I Want to Be as Brave as Amelia Peabody


Spring 2011. I was in Egypt to attend a conference on The Role of Nonviolence in the January 25th Egyptian Revolution.

This was my first air raid, and I hated it – not only the feeling of helplessness, but the remoteness of the business. If someone is going to kill me I want him to take a personal interest.
Amelia Peabody Emerson, Lord of the Silent, by Elizabeth Peters

When I need courage, and I confess I needed a lot of courage to say yes to that invitation to come to Cairo, Egypt shortly after the Jan. 25 revolution, I try to channel Amelia Peabody.

Amelia Peabody is the hero created by mystery author Elizabeth Peters (Barbara Mertz) for her beloved  series featuring an intrepid 19th century woman Egyptologist and archeologist. Amelia (or Peabody! as her husband Radcliffe Emerson likes to call her) is clearly based on real life characters such as Gertrude Bell who was not only an archeologist but also a spy, as is true for Amelia.

My detective character, Kristin Ginelli, is modeled on Amelia Peabody to a great degree, though they occupy different centuries and have different occupations. What they have in common is that they are very courageous, even to the point of risking their own lives in order to see justice done. And they are both excellent academic researchers!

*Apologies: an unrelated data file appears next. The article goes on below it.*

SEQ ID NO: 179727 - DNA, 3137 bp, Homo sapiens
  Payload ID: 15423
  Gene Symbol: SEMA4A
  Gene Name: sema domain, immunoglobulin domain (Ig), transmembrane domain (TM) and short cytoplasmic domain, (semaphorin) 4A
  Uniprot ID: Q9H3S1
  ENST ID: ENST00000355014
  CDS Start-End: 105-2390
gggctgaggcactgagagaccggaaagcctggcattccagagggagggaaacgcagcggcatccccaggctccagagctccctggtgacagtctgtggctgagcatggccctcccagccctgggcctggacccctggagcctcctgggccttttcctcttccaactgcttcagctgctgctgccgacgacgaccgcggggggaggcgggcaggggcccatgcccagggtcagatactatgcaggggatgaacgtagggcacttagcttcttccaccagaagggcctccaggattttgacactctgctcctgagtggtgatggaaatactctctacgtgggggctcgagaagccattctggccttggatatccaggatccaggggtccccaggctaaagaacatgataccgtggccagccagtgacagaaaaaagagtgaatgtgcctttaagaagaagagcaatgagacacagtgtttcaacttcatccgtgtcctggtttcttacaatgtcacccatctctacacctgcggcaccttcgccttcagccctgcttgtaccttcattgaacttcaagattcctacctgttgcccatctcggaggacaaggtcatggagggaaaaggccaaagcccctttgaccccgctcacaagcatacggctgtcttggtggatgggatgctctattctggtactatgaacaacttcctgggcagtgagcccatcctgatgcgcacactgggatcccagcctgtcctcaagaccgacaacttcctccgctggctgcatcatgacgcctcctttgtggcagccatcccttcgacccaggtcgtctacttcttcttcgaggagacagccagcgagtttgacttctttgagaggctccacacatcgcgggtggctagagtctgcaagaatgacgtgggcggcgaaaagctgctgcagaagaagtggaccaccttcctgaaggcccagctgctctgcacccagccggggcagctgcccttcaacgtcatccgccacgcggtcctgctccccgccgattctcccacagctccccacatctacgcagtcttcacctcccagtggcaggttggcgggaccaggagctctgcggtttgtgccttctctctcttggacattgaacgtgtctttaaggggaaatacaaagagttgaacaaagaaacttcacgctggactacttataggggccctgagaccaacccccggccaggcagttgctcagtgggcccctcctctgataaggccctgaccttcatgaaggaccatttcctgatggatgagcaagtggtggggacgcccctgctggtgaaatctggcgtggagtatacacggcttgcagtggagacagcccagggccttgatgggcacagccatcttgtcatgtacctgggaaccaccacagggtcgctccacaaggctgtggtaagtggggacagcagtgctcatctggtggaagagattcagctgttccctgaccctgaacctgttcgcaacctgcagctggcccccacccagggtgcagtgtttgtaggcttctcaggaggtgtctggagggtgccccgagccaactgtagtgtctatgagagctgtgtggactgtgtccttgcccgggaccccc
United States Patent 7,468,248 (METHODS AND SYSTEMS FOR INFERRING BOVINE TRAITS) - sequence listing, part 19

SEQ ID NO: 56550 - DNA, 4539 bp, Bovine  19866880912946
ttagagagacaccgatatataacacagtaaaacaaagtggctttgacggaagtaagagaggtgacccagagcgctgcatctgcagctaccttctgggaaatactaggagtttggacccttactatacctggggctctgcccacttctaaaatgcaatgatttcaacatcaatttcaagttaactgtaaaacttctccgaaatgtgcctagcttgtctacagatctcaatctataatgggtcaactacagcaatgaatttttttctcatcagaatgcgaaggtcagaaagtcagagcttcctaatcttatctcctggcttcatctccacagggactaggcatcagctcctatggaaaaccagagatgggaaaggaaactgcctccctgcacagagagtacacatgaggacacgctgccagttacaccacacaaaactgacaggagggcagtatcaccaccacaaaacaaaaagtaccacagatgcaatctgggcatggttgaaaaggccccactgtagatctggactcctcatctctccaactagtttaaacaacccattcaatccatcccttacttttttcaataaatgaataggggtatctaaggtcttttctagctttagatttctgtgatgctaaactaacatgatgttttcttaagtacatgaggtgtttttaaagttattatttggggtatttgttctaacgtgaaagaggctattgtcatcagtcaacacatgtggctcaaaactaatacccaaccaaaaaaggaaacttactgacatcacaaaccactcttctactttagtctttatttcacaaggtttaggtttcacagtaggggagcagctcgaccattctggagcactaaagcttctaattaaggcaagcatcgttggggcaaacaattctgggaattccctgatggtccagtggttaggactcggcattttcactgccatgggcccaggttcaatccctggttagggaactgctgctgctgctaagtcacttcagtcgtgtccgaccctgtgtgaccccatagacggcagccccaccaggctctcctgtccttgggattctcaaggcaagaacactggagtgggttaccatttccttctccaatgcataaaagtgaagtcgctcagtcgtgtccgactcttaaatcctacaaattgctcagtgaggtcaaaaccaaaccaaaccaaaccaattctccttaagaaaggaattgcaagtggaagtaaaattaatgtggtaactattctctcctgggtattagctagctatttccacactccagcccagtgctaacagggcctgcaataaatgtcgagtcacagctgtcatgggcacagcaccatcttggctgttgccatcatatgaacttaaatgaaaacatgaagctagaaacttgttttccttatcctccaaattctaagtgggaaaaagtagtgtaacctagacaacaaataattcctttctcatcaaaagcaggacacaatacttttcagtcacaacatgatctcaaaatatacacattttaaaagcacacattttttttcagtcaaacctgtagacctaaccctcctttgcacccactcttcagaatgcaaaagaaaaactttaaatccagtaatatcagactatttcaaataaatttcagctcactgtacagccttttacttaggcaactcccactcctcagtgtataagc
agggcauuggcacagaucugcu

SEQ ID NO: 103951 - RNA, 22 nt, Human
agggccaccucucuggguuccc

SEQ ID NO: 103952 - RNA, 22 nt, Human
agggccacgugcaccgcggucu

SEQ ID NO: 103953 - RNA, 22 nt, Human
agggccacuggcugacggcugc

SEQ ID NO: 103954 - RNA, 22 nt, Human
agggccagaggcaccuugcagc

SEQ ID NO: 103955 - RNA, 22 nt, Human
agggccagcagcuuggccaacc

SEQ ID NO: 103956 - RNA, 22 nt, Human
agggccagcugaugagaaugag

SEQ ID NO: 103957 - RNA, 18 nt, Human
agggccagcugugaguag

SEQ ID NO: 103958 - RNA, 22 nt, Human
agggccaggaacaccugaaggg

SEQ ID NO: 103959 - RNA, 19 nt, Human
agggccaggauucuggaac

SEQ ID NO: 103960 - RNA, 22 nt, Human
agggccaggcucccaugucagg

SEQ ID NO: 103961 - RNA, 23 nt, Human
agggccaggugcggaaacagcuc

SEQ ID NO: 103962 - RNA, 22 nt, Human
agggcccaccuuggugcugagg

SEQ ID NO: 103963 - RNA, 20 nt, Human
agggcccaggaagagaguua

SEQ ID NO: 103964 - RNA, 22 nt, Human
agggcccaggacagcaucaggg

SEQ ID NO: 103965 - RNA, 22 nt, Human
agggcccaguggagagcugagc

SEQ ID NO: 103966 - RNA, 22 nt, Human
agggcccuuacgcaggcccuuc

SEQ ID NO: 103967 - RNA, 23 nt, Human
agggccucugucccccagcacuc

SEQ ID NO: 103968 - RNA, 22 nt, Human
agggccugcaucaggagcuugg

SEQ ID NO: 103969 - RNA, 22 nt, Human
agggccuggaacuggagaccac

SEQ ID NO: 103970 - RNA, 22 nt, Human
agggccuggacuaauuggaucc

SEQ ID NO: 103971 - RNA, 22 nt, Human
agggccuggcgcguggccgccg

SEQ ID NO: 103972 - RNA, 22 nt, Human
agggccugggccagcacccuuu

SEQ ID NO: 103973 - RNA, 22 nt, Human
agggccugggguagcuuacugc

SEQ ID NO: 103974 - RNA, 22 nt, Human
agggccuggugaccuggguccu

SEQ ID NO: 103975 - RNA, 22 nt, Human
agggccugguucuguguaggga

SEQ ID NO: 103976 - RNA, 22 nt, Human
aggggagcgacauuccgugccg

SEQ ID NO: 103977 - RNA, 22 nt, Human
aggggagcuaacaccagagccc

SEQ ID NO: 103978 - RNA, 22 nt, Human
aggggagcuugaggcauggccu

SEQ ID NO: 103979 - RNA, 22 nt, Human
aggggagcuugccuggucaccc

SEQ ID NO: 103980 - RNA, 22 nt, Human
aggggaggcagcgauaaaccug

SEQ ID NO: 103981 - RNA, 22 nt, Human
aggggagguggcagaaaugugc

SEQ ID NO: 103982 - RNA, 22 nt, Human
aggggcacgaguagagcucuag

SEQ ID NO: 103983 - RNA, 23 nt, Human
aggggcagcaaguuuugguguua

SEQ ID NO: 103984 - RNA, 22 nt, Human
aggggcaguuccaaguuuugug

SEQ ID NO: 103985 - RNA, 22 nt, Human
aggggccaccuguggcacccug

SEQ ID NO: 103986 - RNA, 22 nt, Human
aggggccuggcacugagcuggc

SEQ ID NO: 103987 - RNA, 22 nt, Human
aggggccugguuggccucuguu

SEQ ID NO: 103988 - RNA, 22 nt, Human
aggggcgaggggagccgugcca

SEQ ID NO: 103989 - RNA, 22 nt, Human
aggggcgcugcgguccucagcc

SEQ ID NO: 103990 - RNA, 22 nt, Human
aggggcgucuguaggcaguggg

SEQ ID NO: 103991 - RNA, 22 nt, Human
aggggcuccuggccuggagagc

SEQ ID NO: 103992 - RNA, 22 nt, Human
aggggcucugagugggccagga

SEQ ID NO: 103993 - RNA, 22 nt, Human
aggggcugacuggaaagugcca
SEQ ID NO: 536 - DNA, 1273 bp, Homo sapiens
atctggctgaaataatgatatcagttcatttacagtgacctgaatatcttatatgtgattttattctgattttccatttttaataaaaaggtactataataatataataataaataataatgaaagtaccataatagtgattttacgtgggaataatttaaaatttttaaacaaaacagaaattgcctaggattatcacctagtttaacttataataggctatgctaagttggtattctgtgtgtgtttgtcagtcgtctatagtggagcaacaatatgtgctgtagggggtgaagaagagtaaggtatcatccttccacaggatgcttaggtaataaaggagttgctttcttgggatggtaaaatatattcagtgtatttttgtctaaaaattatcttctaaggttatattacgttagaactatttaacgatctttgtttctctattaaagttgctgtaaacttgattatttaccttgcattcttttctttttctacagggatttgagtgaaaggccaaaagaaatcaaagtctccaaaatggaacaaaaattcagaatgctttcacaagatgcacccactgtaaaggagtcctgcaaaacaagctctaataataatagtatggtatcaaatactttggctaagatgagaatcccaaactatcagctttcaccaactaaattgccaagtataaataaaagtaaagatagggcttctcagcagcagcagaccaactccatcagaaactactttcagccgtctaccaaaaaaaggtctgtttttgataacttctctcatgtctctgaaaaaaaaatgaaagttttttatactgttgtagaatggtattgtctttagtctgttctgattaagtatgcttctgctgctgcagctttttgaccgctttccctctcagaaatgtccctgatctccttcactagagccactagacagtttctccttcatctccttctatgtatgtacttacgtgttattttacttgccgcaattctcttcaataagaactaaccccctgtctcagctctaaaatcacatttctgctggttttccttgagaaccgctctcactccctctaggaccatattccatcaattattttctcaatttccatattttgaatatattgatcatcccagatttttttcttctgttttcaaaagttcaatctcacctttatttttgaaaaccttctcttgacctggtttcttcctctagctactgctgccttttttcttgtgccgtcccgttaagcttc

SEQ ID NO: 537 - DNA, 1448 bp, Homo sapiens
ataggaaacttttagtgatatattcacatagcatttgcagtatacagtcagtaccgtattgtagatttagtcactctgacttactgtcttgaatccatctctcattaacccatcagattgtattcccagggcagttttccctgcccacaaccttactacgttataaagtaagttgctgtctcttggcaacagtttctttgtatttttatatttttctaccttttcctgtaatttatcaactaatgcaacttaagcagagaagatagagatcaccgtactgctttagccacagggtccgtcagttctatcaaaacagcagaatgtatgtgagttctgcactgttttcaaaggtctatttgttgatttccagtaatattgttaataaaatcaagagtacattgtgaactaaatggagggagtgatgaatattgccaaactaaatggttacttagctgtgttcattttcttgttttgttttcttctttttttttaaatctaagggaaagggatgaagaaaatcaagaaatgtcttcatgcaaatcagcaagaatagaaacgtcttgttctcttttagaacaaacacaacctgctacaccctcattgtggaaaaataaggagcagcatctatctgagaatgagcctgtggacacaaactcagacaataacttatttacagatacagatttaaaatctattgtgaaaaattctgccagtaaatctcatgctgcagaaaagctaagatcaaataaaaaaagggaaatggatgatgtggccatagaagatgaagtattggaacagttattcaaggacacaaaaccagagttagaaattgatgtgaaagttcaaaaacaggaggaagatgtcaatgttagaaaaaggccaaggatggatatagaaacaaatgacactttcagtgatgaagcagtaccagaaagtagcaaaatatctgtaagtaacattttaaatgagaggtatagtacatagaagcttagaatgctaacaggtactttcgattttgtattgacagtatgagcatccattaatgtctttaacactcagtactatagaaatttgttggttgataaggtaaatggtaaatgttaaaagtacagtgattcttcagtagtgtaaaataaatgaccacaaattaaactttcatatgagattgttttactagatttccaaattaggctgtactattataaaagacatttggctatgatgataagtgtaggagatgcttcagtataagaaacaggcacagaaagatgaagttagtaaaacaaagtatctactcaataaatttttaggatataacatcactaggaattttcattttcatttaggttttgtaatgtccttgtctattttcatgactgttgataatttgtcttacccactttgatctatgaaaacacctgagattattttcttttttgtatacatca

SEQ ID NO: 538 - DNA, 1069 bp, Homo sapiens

Let me be frank. I find my own store of courage is being depleted in these stressful political times. Fragile global alliances are being frayed, and the specter of nuclear war has emerged yet again. Racial, gender and faith minorities are threatened, the environment is being sold to the highest corporate bidder, and budgets and tax policies blatantly favor billionaires over hungry children and struggling families.

I need to steel myself even to check the morning news.

That’s why I need fiction and I need heroes like Amelia Peabody to get me through. When I write about Kristin facing down a potential murder suspect (as I did yesterday), I find my imagination helps me better face the need for real courage in our times.

Others, I find, feel much the same way. I am doing a Writers’ Retreat October 13-17 by the shores of Wisconsin’s Green Lake and the theme for this year is “Courage.”

When I finish this post, I will go back to writing on my second mystery, “Every Wickedness.” What ghastly situation will test Kristin’s own store of courage?

I’m always open to suggestion! Susan

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